In the 1980s, a book dealer in Marblehead, MA refereed me to the widow of Architect Walter Scott Brodie. I purchased many of the office drawings and professional materials even though much of the material did not fit into my area of interest. This was not about money but being concerned that some of this material might not be saved. So now I am sorting through a great deal of material like this seeking out new caretakers. At time I gave a very large color rendering of a North Shore school to the principal I knew. I gave a print to Governor Dummer at the time. I kept the rest and have been slowly offering this material privately or on eBay.
Recently a piece sold to a gentleman in France. This caught my curiosity so I sent him an email asking why he purchased the drawing. This was his reply:
I’m sorry for coming back to you so late.
Thx for accepting the offer.
Let me give you the answer to your question.
My father was an architect.
I’m passionate of the 1950’s architecture and I collect all the originals architects drawing of this epoque.
I now posses about 30 rendering from different states in America and I hope one day to be able to hold an exhibition on these beautiful pieces and the amazing skill of these architects who were drawing with their own hands.
Hope that will helps.
I think that Mr. Brodie, even though I never knew him, would be very pleased to know one of his original drawings is in a private collection in France.
BELOW IS THE LISTINGS FOR THE PIECE DESCRIBED:
This is an original pencil on board by Walter Scott Brodie signed with a “B” on the right side. He was a partner of Killham Hopkins Greeley & Hopkins Architects. This particular rendering was for the Proposed Claypit Hill Elementary School Wayland Massachusetts about 1960. This came to me many years ago from the estate of Architect Walter Scott Brodie.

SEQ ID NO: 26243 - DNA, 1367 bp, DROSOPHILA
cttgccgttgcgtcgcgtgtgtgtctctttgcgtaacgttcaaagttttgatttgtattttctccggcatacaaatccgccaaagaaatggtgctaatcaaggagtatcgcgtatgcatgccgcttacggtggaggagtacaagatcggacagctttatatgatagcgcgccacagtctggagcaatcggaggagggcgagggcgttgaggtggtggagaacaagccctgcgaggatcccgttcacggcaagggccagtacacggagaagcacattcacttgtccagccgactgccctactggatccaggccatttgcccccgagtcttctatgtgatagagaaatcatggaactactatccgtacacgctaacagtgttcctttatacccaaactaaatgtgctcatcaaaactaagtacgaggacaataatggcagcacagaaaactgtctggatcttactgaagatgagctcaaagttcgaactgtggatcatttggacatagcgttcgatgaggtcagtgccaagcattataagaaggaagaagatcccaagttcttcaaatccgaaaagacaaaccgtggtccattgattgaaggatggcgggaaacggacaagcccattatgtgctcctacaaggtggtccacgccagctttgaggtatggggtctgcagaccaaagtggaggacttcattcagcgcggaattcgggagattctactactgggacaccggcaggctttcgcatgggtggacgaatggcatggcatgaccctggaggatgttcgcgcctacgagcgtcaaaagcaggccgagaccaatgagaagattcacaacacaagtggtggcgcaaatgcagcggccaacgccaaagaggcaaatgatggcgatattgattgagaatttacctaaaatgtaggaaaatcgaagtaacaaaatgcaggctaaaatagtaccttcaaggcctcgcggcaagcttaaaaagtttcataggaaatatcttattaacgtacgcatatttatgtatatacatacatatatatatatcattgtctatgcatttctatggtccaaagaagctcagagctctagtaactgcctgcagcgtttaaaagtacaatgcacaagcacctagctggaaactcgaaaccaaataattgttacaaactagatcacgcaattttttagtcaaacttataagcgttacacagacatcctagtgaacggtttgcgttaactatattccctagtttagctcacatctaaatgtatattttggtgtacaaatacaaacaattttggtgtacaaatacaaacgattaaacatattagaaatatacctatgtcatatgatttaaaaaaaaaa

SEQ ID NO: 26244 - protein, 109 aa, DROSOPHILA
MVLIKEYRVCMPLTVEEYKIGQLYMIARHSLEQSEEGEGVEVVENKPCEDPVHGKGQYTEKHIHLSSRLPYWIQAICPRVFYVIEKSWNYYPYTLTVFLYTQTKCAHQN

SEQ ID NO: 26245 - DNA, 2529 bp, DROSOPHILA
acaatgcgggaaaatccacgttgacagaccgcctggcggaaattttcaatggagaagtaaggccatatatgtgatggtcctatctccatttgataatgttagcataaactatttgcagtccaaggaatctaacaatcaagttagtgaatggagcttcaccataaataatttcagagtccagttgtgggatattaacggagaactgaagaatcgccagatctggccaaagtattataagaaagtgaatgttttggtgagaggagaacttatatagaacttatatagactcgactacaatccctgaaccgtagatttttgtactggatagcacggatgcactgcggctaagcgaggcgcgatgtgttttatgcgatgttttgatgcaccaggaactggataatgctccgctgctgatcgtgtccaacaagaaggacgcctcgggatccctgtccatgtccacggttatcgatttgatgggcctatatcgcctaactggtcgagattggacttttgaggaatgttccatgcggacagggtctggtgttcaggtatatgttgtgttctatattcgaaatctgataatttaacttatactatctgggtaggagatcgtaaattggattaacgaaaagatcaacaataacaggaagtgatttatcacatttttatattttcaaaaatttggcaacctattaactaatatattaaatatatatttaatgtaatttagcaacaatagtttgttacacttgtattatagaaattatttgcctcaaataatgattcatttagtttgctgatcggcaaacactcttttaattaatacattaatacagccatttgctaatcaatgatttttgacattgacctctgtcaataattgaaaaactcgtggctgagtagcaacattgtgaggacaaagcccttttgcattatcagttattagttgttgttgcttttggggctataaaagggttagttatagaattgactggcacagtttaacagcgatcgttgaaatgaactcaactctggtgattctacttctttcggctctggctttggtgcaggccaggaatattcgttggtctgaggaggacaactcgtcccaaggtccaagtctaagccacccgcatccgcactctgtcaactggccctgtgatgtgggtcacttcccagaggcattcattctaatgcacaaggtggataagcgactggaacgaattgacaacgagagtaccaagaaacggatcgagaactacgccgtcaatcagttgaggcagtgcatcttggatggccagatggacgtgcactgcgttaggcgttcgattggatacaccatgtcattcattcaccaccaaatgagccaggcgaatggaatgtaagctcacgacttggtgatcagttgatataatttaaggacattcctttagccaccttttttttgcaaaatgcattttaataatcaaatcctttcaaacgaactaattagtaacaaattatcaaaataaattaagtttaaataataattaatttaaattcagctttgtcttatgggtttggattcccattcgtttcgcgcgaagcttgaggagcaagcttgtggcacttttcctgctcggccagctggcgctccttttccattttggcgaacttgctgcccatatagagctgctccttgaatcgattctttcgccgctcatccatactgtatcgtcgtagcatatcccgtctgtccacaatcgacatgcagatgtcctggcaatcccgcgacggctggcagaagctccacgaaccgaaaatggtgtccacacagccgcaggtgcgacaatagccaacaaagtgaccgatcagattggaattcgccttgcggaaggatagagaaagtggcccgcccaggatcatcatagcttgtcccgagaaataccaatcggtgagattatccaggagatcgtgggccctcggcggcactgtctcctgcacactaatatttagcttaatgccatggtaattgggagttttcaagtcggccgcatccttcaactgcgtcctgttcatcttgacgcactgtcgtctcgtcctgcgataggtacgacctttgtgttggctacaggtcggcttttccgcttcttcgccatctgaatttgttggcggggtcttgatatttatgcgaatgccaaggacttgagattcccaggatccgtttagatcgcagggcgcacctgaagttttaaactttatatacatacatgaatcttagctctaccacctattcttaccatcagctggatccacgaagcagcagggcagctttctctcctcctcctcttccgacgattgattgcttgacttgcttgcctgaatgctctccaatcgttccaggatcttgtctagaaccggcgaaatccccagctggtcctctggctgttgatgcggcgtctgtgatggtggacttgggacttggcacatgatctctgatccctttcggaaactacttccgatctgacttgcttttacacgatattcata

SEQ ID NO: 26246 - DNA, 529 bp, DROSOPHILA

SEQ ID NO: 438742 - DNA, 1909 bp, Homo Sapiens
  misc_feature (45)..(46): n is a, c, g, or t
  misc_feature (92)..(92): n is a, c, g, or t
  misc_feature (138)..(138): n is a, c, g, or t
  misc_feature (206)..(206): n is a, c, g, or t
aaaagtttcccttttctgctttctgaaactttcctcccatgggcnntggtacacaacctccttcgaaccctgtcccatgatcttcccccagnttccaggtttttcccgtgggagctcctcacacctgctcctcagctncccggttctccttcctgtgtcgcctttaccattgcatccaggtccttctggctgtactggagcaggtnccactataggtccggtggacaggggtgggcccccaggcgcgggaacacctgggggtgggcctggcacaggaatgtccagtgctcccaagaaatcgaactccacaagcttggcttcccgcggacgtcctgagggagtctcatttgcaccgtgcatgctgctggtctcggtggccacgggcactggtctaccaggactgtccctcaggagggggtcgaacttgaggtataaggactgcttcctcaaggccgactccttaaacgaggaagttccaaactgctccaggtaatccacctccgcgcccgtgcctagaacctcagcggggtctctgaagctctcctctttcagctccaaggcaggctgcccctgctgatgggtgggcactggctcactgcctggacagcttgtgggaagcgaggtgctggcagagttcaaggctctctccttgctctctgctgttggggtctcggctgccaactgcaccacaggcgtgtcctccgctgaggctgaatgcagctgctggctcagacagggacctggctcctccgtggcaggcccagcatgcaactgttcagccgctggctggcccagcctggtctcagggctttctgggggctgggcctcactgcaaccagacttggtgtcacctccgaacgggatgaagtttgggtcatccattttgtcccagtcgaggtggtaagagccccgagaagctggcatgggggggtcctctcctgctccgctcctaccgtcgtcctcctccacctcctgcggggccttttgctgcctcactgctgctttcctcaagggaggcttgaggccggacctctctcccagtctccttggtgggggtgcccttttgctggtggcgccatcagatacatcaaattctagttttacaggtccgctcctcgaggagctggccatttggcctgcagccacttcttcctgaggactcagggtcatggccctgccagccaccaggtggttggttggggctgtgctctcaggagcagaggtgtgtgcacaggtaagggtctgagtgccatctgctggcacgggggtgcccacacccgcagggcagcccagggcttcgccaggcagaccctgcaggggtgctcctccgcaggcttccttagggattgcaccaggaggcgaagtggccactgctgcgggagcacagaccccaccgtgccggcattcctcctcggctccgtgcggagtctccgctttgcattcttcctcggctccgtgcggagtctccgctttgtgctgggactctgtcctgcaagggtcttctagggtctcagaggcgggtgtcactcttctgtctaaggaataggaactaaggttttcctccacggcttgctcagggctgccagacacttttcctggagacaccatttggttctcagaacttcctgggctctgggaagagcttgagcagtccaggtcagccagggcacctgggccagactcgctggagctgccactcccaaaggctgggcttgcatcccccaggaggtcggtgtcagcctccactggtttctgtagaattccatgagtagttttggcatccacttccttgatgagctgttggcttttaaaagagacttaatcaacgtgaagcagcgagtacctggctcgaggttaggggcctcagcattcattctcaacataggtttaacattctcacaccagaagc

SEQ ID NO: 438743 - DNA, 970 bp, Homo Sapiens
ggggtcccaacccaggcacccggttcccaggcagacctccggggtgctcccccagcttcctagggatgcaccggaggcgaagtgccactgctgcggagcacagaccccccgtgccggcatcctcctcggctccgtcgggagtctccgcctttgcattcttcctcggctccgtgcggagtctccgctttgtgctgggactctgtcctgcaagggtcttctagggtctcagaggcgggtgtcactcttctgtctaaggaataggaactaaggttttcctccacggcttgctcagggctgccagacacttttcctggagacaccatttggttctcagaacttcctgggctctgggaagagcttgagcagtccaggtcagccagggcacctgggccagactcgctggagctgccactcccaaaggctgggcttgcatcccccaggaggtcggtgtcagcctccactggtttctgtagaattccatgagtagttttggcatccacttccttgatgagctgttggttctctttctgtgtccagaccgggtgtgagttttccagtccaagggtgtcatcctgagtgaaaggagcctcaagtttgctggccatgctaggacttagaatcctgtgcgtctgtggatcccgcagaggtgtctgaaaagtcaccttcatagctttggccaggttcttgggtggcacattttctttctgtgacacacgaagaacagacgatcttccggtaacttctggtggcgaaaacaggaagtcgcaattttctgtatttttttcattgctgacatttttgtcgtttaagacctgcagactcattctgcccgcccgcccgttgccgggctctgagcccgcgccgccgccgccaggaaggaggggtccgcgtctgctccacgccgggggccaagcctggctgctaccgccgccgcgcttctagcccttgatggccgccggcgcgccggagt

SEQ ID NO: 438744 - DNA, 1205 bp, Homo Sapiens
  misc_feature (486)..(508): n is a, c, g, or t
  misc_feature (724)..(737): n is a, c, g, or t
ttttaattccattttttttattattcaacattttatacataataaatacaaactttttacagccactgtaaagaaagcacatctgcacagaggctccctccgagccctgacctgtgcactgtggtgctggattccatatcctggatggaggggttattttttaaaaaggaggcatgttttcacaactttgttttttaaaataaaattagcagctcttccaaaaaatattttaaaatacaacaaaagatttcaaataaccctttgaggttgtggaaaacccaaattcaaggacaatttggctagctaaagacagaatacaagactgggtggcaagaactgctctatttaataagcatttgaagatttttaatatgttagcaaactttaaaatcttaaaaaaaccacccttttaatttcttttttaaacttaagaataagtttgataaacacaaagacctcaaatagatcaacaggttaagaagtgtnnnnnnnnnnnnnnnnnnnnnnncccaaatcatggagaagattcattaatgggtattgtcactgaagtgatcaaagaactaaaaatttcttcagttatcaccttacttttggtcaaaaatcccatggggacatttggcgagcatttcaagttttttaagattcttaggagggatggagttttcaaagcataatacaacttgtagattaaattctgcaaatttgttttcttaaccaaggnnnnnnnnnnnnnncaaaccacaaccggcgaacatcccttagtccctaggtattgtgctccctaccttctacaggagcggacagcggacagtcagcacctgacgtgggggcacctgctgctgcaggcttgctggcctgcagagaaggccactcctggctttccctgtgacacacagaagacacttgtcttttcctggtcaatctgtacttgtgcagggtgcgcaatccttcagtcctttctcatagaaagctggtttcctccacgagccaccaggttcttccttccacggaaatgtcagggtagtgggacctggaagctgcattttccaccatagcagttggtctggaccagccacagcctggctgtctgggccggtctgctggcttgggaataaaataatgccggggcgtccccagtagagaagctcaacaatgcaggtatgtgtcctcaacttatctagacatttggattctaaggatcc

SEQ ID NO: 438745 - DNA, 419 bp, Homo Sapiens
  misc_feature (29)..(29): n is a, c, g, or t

SIZE: 21 3/4″ x 9 5/8″
CONDITION: excellent for its age. Done on rigid artist board in pencil. Please see photos
From Wikipedia: Kilham & Hopkins was an architectural firm in Boston, Massachusetts formed in 1899 or 1900 by its founding members, Walter Harrington Kilham (August 30, 1868 – September 11, 1948) and James Cleveland Hopkins (December 25, 1873 – 1938). The firm later became Kilham, Hopkins & Greeley after William Roger Greeley (May 12, 1881 – October 1966) joined the firm in 1916, and Kilham Hopkins Greeley and Brodie after Walter S. (Steve) Brodie (October 26, 1911 – January 1985) joined the firm in 1945.
The firm has been recognized for its contributions to early 20th century reform housing, including its work at the Atlantic Heights Development in Portsmouth, New Hampshire, at the Woodbourne Historic District in the Forest Hills section of the Jamaica Plain neighborhood of Boston, and for the Naumkeag Steam Cotton Company in the Salem Point Neighborhood of Salem, Massachusetts. A number of the firm’s works, including Blithewold and Hose House No. 2, have been listed on the National Register of Historic Places.
ADDITIONAL MATERIAL LISTED
Original Architect Walter Scott Brodie Design Drawings in pencil on Mylar, two prints, page from magazine House and Home and four Kodak photos
Dated Nov. 1973 and signed by architect. The two prints are black line taken from original Mylars by architect at the time of design. There is one page taken by the architect from the magazine showing the kitchen. These would have been used as the design drawings for a client’s proposed kitchen renovation. Existing kitchen arrangement on drawings have four Kodak photos for documentation.
This are the finished design drawings probably prepared for the final approval of the client before preparing the construction documents.
SIZE: 8 1/2″ x 13″
CONDITION: very good. There is a slight bend – crease on the left side of the Mylar.
These material came from the estate of Architect Walter Scott Brodie of Marblehead MA, who was a partner in the Boston Architectural Firm of Kilham, Hopkins, Greeley and Brodie of Boston MA. The firm was known for their work on public and private schools in the Boston area from 1940s to 1960s.
January 12, 2015
THE FOLLOWING TOUCHING COMMENTS ARRIVED ON Feb 4 2015. I CALLED AND TALKED TO ROBERTa AT LENGTH.
I’m a friend of W.S.Brodie’s daughter who was born in 1949. She has early onset dementia and has been talking a lot about her past, so I looked her dad’s name up and found you. She has a few watercolors he had done which are all nautical, but we found the drawings and story interesting. Thank you, Roberta
William Roger Greeley was my grandfather. I wonder if you have any of his drawings ?
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